In the coastal forests of Northern California, the most abundant vertebrates are amphibians such as salamanders and frogs. "Abundance" refers to the total number of animals in a given area, but Northern California is also home to a rich diversity of amphibian species. With around 30 species of amphibians inhabiting the area, one might think that we have discovered all the species. But what researchers are discovering, in some cases, is that we may be lumping many species together and calling them one.
When organisms are lumped together due to similarities in their physical traits, such as coloration or body shape, the result is called a cryptic species complex. Cryptic species complexes are not restricted to amphibians, and can be found in other animals and plants. A species of salamander called the Black Salamander (Aneides flavipunctatus) has recently been described as a cryptic species complex. This organism is currently being split into three species, while further investigation could reveal the complex containing five or more species.
So how have so many species slipped through the cracks of our taxonomic system? One reason for this recent change is the emergence of new molecular methods that allow the genetic structure of a species to be more accurately described. Old genetic methods looked at the DNA sequence of only a single gene to help define species, but what geneticists are just realizing is the information in one gene alone isn't always enough to accurately define a species.
A new approach to defining species uses multiple genes, along with other types of data such as differences in the physical structure of the organism (morphology) and how that organism interacts with its environment (ecology). This comprehensive approach is much more effective in determining what makes one group of organisms sufficiently distinct to be called separate species.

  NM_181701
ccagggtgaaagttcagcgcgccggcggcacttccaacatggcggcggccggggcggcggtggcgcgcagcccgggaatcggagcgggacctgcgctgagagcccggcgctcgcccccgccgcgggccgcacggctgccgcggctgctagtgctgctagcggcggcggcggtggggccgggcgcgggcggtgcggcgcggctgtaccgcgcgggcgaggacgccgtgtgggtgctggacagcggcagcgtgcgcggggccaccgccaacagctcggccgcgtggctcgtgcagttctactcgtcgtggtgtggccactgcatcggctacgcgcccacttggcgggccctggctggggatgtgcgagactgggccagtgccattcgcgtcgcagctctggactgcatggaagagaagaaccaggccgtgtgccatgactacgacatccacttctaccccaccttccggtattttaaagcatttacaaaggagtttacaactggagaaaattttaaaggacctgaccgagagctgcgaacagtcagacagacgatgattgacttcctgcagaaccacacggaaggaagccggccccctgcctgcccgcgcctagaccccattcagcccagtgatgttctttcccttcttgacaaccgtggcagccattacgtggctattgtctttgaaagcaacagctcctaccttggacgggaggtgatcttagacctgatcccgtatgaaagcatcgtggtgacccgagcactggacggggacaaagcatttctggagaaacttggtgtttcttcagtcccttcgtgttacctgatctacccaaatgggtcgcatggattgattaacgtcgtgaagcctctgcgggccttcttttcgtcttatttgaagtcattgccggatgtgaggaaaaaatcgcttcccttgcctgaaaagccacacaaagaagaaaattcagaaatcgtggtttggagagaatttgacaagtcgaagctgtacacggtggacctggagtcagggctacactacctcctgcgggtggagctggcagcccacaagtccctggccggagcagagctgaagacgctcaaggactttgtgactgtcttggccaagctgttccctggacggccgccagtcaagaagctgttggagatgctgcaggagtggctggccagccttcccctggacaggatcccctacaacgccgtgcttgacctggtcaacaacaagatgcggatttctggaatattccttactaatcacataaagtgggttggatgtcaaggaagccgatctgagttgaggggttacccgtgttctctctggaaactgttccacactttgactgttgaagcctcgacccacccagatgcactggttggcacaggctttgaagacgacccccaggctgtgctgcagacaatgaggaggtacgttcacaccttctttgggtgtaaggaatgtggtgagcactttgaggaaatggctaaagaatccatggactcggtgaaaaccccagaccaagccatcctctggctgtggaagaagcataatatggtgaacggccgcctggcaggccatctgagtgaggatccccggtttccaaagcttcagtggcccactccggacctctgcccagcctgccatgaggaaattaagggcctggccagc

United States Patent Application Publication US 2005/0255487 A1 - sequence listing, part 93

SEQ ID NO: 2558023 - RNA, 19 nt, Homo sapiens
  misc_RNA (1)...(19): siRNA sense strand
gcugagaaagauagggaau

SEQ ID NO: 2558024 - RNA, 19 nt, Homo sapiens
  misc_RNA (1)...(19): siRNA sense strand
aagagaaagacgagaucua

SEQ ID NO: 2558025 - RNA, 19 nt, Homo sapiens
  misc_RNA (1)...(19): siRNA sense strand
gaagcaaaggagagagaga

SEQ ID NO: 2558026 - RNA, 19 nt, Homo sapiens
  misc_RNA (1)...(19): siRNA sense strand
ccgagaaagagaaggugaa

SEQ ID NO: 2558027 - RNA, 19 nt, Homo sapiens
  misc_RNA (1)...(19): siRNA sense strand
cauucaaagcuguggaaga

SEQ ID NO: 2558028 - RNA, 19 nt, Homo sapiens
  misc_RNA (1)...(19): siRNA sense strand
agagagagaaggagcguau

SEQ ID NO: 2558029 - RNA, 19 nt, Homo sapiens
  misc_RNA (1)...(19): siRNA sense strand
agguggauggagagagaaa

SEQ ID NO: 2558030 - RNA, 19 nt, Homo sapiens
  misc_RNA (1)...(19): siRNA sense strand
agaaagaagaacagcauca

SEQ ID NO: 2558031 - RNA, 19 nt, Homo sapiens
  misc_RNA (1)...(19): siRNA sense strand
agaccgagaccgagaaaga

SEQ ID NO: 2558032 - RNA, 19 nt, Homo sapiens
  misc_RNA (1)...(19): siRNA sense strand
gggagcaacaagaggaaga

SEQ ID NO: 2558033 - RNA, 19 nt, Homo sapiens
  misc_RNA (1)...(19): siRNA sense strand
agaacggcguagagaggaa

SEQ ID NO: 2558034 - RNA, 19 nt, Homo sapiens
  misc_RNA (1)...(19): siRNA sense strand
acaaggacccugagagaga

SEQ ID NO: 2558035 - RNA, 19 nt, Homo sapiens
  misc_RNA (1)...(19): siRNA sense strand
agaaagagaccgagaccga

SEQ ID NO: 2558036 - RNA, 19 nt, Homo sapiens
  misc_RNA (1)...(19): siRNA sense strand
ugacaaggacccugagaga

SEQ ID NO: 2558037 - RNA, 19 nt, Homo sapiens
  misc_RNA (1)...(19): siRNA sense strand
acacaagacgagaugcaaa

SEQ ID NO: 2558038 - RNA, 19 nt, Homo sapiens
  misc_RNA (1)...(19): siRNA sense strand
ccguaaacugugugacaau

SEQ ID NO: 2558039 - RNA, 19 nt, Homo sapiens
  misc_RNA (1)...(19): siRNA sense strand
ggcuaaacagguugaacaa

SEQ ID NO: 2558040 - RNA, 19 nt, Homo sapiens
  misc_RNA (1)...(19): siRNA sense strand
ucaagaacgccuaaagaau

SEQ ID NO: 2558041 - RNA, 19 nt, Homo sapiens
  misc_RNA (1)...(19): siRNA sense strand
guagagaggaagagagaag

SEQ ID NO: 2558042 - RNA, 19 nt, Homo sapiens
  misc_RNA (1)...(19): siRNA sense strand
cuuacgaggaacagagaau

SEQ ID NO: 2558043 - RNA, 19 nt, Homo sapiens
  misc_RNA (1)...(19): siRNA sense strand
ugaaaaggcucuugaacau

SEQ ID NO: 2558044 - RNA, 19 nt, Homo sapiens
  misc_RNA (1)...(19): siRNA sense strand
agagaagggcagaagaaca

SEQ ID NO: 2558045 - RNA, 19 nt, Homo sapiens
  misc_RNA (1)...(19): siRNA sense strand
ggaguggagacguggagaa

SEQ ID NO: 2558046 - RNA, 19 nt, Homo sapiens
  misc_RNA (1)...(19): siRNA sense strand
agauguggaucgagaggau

Why is it so important that we can distinguish between species that look alike? One hazard of lumping many species together is the potential for one of the species to become endangered or go extinct without anyone knowing. Without defined ranges and population estimates for each true species it is nearly impossible to provide adequate habitat protection and to implement conservation measures. Because of the overall decline in amphibian populations both locally and worldwide, it is especially important to know what species exist so that we can effectively protect them. This protection will allow future generations of humans to enjoy the benefits of these animals, while preserving their right to exist in their natural habitat.
A submission of the Science Media and Communications Seminar at Humboldt State University.Contact: Jeffrey White, Department of Biological Sciences; email@example.com.